Each country has its own invasive species and rampant plants with a tendency to grow out of control. In most, the techniques for dealing with them are similar - a mixture of powerful chemicals and diggers. But in the US a new weapon has joined the armoury in recent years - the goat.
In a field just outside Washington, Andy, a tall goat with long, floppy ears, nuzzles up to his owner, Brian Knox.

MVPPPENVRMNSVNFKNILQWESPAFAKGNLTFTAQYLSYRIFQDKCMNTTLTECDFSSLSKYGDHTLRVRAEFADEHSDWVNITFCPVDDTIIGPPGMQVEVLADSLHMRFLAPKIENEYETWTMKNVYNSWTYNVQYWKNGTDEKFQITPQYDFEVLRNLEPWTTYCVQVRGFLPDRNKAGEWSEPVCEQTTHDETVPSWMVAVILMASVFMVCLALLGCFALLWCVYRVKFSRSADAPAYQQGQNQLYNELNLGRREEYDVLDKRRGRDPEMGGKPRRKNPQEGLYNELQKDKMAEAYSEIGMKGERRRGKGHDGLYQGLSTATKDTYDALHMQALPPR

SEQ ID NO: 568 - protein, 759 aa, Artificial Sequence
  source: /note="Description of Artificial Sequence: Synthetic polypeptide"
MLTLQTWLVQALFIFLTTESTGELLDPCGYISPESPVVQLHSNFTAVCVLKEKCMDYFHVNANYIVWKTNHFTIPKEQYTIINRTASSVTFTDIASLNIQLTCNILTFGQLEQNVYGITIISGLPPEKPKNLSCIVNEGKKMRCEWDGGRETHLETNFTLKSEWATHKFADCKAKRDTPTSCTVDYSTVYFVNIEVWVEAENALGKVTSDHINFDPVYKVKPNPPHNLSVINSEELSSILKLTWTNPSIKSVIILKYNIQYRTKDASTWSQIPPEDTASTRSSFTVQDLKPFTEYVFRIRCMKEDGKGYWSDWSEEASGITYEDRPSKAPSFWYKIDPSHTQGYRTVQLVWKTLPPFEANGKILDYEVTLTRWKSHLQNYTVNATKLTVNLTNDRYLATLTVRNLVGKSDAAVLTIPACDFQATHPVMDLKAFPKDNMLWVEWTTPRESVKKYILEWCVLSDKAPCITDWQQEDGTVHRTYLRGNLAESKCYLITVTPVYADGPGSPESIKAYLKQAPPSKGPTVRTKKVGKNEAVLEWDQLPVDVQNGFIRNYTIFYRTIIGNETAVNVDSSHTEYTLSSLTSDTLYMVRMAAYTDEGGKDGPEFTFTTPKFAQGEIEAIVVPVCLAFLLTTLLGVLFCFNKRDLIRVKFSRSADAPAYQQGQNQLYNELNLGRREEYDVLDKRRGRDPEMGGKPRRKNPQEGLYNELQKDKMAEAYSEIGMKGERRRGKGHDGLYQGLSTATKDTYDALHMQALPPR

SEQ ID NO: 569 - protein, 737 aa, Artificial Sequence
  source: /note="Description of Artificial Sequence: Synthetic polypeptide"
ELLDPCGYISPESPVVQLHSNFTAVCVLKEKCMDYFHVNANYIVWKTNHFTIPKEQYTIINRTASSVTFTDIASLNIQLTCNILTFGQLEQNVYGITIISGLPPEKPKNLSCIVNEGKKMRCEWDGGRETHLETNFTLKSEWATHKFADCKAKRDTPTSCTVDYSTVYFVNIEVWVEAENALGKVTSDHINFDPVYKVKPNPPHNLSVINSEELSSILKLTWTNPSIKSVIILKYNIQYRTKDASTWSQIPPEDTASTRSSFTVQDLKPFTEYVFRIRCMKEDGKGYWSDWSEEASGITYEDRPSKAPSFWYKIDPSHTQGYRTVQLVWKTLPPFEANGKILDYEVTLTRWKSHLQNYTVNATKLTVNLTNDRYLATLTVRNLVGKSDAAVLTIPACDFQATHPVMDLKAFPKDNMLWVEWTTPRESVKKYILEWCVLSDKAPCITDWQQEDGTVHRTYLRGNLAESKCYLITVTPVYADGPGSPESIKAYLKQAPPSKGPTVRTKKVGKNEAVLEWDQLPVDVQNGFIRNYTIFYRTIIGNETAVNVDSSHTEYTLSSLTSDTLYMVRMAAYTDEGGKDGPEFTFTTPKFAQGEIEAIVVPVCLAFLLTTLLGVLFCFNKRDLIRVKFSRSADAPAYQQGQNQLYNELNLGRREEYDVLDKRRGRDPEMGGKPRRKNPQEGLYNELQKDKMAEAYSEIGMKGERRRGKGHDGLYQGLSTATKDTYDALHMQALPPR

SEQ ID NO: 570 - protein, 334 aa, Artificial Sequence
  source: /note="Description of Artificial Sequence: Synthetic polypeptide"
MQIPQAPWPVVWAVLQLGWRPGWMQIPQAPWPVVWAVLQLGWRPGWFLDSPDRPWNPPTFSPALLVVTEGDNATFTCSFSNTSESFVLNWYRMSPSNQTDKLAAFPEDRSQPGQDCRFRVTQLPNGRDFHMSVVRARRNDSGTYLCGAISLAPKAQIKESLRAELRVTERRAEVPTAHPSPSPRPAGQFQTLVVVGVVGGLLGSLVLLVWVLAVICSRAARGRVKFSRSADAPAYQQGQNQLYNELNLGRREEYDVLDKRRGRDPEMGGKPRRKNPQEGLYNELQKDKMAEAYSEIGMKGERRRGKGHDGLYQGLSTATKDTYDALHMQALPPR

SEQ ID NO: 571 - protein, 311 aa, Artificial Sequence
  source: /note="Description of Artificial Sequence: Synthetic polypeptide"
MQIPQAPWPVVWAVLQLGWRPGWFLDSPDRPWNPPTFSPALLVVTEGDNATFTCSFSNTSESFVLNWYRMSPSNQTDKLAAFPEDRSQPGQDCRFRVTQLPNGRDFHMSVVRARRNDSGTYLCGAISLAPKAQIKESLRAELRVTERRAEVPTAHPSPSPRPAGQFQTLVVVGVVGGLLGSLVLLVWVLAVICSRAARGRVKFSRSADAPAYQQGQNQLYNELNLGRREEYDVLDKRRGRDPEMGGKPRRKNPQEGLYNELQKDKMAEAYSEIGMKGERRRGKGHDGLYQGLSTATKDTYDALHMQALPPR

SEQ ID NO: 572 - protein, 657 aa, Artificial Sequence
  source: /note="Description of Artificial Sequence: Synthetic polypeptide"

Standing with Andy are another 70 or so goats, some basking in the low winter sun, and others huddled together around bales of hay.
Typically, chemicals and/or machinery are used to clear away fast-growing invasive plants, but both methods have their drawbacks. Chemicals can contaminate soil and are not effective in stopping new seeds from sprouting. Pulling plants out by machine can disturb the soil and cause erosion.